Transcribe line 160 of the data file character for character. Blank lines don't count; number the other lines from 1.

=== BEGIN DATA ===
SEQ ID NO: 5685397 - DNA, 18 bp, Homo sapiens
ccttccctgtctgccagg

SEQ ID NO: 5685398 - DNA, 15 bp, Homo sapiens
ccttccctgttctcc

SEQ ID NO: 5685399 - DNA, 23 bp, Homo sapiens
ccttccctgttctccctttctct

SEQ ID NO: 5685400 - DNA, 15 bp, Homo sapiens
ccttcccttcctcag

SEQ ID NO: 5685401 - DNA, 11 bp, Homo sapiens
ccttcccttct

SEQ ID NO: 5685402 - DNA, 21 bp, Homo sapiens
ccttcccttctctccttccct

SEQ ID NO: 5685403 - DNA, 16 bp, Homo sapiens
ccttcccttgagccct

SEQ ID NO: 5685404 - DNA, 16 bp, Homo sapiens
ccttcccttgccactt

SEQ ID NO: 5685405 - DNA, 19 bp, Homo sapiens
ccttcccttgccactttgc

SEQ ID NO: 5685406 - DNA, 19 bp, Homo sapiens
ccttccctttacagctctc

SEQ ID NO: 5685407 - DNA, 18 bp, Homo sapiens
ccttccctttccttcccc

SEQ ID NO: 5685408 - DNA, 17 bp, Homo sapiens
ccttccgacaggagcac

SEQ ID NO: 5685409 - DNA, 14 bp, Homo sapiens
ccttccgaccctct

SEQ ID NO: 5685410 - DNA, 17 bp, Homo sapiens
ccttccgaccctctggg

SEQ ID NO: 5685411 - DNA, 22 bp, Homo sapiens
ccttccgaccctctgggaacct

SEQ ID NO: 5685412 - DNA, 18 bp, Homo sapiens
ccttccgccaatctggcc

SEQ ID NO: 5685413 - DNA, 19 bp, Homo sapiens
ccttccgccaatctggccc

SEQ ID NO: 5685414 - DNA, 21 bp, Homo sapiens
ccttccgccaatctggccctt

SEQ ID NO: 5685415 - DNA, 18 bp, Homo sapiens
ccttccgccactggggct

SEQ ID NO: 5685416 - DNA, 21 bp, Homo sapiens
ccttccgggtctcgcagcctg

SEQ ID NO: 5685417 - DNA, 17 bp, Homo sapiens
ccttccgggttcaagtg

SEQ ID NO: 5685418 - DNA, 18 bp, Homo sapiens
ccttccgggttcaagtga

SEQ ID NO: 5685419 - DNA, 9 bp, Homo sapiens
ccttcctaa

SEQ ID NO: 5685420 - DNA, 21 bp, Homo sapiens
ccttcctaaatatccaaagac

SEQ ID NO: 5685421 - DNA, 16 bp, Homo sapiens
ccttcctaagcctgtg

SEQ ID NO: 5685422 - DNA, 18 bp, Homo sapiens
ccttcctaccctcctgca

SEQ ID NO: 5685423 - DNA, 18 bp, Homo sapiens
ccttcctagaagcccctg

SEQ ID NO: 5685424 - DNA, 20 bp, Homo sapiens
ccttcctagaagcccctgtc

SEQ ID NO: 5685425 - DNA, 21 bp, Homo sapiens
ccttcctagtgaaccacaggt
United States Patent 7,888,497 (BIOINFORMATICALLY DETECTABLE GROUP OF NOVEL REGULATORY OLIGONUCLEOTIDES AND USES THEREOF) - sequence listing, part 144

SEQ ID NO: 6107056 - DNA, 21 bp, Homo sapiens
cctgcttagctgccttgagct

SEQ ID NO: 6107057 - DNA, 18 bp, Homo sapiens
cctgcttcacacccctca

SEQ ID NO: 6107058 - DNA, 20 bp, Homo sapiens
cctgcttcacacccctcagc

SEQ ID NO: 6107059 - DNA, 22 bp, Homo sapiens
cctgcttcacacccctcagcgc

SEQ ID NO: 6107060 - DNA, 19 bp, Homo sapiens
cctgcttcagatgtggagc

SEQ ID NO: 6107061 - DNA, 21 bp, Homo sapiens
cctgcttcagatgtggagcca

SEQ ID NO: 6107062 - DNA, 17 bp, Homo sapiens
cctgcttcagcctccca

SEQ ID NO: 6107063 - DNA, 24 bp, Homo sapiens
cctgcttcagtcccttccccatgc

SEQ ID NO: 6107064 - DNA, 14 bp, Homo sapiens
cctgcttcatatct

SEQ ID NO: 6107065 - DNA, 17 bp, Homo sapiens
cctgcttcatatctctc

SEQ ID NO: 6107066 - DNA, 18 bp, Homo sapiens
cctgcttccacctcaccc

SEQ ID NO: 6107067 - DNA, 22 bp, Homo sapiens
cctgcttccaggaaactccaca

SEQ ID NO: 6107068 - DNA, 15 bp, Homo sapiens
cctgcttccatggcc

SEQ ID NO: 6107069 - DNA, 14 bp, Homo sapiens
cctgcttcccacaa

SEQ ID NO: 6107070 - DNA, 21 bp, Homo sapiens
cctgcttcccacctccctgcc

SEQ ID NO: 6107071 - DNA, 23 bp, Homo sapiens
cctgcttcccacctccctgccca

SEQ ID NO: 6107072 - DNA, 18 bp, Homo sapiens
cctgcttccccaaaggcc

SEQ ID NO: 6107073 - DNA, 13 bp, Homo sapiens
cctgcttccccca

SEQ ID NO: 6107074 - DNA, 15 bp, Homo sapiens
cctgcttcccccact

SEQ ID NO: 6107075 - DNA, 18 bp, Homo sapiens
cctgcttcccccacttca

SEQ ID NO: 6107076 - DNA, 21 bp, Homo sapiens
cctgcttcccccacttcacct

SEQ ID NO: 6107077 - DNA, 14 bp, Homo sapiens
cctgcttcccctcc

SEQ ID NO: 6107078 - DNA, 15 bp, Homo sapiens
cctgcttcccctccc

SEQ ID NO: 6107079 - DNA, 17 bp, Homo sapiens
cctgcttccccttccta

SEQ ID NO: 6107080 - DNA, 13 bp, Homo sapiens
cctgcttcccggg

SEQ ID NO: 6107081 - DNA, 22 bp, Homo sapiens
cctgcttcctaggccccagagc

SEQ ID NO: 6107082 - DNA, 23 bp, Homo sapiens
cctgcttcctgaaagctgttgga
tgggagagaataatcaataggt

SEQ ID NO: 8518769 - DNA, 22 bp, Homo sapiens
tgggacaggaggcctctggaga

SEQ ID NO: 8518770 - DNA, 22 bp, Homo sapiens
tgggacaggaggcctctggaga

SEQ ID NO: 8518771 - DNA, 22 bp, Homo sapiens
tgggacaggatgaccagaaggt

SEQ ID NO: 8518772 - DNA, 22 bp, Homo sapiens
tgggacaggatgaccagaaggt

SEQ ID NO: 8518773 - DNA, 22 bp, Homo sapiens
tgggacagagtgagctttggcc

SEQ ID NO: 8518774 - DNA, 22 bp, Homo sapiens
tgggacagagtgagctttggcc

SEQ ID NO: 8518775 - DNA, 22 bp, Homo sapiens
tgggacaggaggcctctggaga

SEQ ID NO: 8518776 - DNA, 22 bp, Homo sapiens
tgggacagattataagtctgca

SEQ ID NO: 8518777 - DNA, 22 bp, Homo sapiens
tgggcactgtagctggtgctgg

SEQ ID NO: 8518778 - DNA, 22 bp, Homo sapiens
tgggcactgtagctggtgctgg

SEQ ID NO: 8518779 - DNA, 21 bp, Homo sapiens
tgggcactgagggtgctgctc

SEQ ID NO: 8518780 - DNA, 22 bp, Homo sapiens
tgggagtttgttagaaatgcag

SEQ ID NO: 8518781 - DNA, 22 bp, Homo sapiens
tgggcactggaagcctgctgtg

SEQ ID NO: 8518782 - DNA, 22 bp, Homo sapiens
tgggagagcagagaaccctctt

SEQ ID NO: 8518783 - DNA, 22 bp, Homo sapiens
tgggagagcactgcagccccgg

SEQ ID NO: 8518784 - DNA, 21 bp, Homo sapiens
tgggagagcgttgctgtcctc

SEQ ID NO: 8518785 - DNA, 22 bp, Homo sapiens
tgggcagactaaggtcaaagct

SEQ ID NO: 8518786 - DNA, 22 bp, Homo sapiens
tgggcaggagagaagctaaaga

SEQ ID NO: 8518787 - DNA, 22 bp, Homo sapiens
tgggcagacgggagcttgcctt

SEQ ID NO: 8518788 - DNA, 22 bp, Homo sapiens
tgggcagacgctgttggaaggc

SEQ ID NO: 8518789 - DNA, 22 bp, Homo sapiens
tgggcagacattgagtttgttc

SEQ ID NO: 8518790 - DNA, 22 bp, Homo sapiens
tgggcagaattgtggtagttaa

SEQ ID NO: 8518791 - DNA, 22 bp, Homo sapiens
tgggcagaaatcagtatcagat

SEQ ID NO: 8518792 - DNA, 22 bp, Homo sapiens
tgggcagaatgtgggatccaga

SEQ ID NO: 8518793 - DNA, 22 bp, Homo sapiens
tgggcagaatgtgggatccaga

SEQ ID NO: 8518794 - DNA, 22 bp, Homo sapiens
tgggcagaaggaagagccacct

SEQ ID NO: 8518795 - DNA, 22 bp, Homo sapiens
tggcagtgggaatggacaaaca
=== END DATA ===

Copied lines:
tgggcagaaatcagtatcagat